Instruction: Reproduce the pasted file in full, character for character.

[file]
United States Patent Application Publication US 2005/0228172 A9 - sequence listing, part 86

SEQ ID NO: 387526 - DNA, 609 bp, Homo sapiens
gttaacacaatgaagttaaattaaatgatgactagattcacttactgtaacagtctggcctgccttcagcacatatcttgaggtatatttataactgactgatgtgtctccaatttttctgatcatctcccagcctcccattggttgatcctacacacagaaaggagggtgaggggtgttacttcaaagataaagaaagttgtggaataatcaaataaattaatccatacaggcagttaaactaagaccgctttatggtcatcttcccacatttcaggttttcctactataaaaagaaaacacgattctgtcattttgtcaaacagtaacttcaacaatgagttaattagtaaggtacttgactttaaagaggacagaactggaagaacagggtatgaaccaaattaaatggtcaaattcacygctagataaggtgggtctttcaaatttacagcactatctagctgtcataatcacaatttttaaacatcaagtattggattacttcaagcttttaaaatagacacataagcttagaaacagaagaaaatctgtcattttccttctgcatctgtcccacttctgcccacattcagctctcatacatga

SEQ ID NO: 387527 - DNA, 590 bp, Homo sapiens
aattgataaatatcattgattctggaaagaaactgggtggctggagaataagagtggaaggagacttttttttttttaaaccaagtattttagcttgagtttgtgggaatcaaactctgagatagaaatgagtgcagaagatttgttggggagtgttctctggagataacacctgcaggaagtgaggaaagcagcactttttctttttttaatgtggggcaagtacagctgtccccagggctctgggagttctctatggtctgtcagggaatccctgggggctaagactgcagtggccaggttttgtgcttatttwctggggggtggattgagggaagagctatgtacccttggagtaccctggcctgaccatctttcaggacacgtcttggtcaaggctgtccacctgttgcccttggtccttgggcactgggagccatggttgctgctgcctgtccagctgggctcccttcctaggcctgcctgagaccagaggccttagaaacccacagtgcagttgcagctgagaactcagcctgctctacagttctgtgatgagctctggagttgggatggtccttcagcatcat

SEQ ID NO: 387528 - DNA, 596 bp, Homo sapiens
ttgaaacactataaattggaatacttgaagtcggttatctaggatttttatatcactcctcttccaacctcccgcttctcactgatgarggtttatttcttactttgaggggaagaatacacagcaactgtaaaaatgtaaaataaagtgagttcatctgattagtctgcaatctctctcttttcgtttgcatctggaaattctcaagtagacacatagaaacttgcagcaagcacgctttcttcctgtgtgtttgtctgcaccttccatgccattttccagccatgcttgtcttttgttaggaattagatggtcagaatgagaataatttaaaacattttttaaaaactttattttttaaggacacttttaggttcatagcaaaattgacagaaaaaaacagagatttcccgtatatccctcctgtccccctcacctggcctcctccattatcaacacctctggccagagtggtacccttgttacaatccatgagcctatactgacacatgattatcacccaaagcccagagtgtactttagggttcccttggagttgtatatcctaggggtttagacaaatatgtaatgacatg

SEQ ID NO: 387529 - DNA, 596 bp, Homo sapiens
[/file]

United States Patent Application Publication US 2005/0228172 A9 - sequence listing, part 86

SEQ ID NO: 387526 - DNA, 609 bp, Homo sapiens
gttaacacaatgaagttaaattaaatgatgactagattcacttactgtaacagtctggcctgccttcagcacatatcttgaggtatatttataactgactgatgtgtctccaatttttctgatcatctcccagcctcccattggttgatcctacacacagaaaggagggtgaggggtgttacttcaaagataaagaaagttgtggaataatcaaataaattaatccatacaggcagttaaactaagaccgctttatggtcatcttcccacatttcaggttttcctactataaaaagaaaacacgattctgtcattttgtcaaacagtaacttcaacaatgagttaattagtaaggtacttgactttaaagaggacagaactggaagaacagggtatgaaccaaattaaatggtcaaattcacygctagataaggtgggtctttcaaatttacagcactatctagctgtcataatcacaatttttaaacatcaagtattggattacttcaagcttttaaaatagacacataagcttagaaacagaagaaaatctgtcattttccttctgcatctgtcccacttctgcccacattcagctctcatacatga

SEQ ID NO: 387527 - DNA, 590 bp, Homo sapiens
aattgataaatatcattgattctggaaagaaactgggtggctggagaataagagtggaaggagacttttttttttttaaaccaagtattttagcttgagtttgtgggaatcaaactctgagatagaaatgagtgcagaagatttgttggggagtgttctctggagataacacctgcaggaagtgaggaaagcagcactttttctttttttaatgtggggcaagtacagctgtccccagggctctgggagttctctatggtctgtcagggaatccctgggggctaagactgcagtggccaggttttgtgcttatttwctggggggtggattgagggaagagctatgtacccttggagtaccctggcctgaccatctttcaggacacgtcttggtcaaggctgtccacctgttgcccttggtccttgggcactgggagccatggttgctgctgcctgtccagctgggctcccttcctaggcctgcctgagaccagaggccttagaaacccacagtgcagttgcagctgagaactcagcctgctctacagttctgtgatgagctctggagttgggatggtccttcagcatcat

SEQ ID NO: 387528 - DNA, 596 bp, Homo sapiens
ttgaaacactataaattggaatacttgaagtcggttatctaggatttttatatcactcctcttccaacctcccgcttctcactgatgarggtttatttcttactttgaggggaagaatacacagcaactgtaaaaatgtaaaataaagtgagttcatctgattagtctgcaatctctctcttttcgtttgcatctggaaattctcaagtagacacatagaaacttgcagcaagcacgctttcttcctgtgtgtttgtctgcaccttccatgccattttccagccatgcttgtcttttgttaggaattagatggtcagaatgagaataatttaaaacattttttaaaaactttattttttaaggacacttttaggttcatagcaaaattgacagaaaaaaacagagatttcccgtatatccctcctgtccccctcacctggcctcctccattatcaacacctctggccagagtggtacccttgttacaatccatgagcctatactgacacatgattatcacccaaagcccagagtgtactttagggttcccttggagttgtatatcctaggggtttagacaaatatgtaatgacatg

SEQ ID NO: 387529 - DNA, 596 bp, Homo sapiens